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A primer of fraudulent misrepresentation

| Dec 30, 2020 | Uncategorized |

Businesses run on contracts. These agreements set expectations and ensure steady supply chains and smooth transactions. In order for contracts to operate the way they are intended, though, all parties to the agreement have to be open and honest. When one party to a contract lies or misrepresents certain information, significant harm can be caused to the other side. These damages might be financial in nature, and significantly so, but they can also affect a business’s goodwill and reputation.

A closer look at fraudulent misrepresentation

If you think that you were duped into a contract based on false or misleading information, then you need to know where you stand from a legal point-of-view, as you might be able to recover compensation for the harm that was caused to you. Before you can succeed on a fraudulent misrepresentation claim, though, you have to prove certain legal elements. Here are some of them:

  • A representation was actually made: You have to demonstrate that the other party actually displayed some sort of act, conduct, or statement that asserted a fact.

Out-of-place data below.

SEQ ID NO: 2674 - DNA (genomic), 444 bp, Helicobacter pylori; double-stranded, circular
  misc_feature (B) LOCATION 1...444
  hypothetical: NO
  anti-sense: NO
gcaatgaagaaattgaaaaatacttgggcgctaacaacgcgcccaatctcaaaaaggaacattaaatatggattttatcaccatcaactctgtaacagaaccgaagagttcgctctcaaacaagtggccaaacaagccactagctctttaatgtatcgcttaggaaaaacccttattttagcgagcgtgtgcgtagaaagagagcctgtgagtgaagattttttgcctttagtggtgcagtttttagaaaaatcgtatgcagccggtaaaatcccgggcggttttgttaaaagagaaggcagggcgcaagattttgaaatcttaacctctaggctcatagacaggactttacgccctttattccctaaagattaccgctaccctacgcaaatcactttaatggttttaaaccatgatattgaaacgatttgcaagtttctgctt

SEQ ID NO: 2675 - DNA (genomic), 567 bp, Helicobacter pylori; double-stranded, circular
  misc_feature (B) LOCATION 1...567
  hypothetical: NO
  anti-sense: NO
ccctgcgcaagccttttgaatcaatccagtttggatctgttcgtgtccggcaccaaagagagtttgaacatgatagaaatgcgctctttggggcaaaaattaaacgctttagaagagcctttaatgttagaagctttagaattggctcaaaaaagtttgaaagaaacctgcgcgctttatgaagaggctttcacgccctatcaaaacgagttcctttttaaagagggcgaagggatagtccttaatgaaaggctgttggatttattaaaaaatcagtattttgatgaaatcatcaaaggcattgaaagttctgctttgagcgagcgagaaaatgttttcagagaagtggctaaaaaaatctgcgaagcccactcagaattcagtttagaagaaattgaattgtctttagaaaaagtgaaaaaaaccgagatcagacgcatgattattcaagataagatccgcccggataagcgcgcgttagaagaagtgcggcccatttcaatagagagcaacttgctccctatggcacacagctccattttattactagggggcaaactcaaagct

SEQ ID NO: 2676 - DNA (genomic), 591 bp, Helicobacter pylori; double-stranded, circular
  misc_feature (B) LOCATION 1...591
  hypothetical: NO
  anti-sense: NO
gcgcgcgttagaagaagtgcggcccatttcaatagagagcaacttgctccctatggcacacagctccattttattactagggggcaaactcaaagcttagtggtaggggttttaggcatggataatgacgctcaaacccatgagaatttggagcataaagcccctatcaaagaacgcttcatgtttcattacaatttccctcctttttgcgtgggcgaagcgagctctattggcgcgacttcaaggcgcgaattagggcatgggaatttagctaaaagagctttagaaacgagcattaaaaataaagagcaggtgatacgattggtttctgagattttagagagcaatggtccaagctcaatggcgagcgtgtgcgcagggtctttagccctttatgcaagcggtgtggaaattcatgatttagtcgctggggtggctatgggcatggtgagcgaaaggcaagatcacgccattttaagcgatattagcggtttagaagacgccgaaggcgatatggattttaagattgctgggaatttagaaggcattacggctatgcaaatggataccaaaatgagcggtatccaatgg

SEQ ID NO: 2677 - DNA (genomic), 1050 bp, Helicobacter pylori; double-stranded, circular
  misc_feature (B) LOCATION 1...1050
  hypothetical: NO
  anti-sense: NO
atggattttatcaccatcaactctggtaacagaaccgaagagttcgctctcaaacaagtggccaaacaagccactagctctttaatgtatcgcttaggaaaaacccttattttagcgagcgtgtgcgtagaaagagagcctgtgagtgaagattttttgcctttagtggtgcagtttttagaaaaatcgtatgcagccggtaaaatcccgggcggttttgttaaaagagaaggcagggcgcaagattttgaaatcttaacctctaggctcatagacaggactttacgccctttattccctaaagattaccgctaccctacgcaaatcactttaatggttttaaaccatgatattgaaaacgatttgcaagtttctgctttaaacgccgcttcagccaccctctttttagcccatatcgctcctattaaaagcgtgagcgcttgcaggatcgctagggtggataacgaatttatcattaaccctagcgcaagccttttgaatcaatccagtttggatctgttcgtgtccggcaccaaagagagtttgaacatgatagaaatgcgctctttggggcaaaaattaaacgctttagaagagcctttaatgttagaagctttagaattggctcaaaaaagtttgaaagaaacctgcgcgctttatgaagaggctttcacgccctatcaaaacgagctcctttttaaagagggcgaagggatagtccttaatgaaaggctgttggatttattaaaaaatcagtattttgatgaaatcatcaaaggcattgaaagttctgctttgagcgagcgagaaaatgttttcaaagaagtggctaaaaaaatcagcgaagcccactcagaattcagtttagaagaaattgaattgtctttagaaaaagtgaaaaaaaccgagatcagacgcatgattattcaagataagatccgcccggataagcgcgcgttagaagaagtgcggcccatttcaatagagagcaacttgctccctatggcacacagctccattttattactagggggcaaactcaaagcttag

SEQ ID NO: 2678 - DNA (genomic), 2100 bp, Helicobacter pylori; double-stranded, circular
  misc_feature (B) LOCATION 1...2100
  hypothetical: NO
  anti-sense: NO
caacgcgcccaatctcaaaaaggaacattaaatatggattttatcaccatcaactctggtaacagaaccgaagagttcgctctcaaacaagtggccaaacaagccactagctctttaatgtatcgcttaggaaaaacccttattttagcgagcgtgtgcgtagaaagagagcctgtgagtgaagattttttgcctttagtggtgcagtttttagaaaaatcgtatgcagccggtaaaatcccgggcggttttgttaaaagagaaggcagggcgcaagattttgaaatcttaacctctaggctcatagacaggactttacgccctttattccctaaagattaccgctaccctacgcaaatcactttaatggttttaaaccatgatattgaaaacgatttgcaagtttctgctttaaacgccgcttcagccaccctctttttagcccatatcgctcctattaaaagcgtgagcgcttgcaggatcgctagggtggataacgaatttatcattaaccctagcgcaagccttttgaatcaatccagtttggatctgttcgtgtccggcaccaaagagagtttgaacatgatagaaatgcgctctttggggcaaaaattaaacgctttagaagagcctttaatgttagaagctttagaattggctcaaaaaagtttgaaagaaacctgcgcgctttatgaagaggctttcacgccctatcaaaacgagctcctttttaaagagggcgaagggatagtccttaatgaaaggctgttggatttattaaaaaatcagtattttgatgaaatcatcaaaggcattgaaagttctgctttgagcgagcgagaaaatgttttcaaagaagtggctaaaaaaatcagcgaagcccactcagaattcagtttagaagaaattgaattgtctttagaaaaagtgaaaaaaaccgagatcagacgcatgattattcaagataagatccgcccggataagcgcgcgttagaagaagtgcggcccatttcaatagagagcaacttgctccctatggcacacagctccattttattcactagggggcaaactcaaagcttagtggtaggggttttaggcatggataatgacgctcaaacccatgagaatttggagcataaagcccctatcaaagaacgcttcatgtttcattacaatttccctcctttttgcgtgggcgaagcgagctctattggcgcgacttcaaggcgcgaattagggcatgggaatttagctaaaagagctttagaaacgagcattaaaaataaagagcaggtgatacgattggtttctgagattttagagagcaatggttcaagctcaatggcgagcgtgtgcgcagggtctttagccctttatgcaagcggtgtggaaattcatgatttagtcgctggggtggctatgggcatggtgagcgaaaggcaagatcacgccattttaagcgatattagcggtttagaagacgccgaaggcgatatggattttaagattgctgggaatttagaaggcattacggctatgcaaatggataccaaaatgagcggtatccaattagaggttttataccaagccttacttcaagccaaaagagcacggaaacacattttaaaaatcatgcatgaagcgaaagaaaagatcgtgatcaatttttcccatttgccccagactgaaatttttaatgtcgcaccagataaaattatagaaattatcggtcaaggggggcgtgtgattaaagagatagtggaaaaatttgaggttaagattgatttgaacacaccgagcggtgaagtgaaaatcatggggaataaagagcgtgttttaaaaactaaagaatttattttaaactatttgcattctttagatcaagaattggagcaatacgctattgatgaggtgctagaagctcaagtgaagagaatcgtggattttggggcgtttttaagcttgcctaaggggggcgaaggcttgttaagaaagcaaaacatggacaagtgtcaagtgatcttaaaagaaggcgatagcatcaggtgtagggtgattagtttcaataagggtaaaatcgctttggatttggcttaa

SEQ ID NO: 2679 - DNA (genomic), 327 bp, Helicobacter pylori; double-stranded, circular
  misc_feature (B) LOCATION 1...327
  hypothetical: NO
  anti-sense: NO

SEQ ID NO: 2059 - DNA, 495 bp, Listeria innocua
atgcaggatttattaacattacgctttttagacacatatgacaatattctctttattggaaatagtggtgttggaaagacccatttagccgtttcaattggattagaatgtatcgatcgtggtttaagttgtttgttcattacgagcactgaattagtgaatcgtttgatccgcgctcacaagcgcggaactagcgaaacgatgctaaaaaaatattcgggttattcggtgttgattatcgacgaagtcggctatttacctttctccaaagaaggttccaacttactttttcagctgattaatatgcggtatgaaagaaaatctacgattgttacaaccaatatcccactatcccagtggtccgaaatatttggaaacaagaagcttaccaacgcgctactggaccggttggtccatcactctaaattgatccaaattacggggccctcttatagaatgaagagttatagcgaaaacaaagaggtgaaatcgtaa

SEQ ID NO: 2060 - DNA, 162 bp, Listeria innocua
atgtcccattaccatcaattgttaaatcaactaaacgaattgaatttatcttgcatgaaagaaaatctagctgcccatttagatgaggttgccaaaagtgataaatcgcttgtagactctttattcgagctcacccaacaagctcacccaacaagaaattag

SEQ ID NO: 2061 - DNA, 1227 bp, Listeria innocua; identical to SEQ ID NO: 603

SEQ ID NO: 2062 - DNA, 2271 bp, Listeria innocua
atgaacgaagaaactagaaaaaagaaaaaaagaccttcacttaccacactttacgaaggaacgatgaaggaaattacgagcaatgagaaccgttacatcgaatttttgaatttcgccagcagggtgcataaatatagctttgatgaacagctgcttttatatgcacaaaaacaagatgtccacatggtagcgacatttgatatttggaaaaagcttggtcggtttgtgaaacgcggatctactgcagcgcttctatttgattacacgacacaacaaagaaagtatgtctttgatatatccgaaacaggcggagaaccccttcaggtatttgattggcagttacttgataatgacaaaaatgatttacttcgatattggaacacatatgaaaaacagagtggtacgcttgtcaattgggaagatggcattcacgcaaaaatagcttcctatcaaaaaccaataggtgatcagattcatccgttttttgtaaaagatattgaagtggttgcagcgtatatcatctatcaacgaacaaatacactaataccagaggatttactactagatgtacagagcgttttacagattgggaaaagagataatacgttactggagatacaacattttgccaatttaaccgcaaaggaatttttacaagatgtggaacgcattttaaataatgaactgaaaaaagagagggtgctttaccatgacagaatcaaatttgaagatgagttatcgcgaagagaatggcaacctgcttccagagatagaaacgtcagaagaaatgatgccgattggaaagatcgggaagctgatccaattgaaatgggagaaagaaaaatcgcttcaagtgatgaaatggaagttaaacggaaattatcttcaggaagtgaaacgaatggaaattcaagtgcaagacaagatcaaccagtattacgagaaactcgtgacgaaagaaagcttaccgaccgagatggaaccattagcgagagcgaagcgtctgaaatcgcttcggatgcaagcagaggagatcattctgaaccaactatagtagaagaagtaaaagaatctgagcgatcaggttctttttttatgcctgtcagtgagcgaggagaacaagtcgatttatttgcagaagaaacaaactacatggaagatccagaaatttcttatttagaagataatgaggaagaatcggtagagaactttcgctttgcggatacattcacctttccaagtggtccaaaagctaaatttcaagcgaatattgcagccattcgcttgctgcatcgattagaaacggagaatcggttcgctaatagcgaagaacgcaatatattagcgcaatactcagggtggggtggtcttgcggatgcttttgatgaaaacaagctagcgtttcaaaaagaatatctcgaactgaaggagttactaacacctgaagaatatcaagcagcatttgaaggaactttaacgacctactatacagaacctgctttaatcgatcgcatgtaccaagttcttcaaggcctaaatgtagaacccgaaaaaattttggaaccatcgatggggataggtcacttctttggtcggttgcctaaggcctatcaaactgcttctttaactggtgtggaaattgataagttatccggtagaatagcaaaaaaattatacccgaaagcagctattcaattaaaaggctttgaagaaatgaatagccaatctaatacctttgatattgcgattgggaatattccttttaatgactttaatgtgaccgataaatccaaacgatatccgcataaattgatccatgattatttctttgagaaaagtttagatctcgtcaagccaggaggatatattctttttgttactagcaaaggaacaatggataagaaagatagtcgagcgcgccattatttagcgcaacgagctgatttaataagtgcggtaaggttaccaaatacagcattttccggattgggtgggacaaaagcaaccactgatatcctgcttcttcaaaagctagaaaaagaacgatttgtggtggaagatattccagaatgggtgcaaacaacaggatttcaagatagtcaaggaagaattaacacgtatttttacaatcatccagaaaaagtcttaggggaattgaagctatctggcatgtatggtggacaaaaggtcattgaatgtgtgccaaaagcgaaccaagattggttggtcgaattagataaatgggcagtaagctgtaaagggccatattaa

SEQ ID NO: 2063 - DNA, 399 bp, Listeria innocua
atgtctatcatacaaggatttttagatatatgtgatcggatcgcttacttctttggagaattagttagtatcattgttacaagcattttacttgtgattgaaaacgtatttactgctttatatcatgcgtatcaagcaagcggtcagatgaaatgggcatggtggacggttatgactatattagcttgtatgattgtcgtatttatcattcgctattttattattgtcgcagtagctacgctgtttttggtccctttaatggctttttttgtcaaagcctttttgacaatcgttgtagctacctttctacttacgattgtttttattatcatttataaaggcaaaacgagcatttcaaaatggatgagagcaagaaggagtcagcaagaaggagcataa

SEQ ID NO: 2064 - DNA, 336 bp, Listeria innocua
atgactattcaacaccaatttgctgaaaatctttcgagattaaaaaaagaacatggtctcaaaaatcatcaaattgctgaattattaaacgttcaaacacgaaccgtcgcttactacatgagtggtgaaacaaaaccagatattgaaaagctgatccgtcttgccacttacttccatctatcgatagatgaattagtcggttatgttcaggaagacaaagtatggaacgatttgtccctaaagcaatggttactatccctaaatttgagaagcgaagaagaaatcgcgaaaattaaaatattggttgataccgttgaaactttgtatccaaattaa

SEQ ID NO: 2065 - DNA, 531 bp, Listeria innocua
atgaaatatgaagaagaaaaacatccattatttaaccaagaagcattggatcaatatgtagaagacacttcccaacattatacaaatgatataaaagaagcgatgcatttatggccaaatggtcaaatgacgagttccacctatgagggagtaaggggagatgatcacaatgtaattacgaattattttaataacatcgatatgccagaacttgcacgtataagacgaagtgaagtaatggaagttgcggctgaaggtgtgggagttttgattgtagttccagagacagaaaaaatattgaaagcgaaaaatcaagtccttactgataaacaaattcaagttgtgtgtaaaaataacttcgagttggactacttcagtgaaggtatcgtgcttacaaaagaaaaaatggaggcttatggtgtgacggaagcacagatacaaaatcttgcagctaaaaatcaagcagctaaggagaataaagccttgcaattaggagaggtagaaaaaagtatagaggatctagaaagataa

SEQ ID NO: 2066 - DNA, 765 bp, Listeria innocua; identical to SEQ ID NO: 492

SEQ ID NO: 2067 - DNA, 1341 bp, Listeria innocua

• The representation was false or misleading: This is pretty straightforward, but you have to know the truth before you can prove this element.
  • The party knew the statement was false: In order to succeed on a legal claim, you’ll have to show that the party who made the representation either knew that it was false or they made the representation in a reckless manner with disregard for what the actual truth may be.
  • Detrimental reliance: Perhaps the biggest aspect of one of these claims is detrimental reliance. This means that you have to show that the other party made a misrepresentation with the intention of causing you to rely on it, and that your reliance on that representation caused you harm. This is also where you’ll want to show the full extent of the damages caused to you.

Don’t leave your case to chance

Fraudulent misrepresentation cases are highly fact specific, meaning that you can’t take a one-size fits all approach. Instead, you’ll want a legal strategy that is tailored to suit your needs. If you’re looking for that type of representation, then you might want to consider reaching out to an attorney who is experienced in business litigation.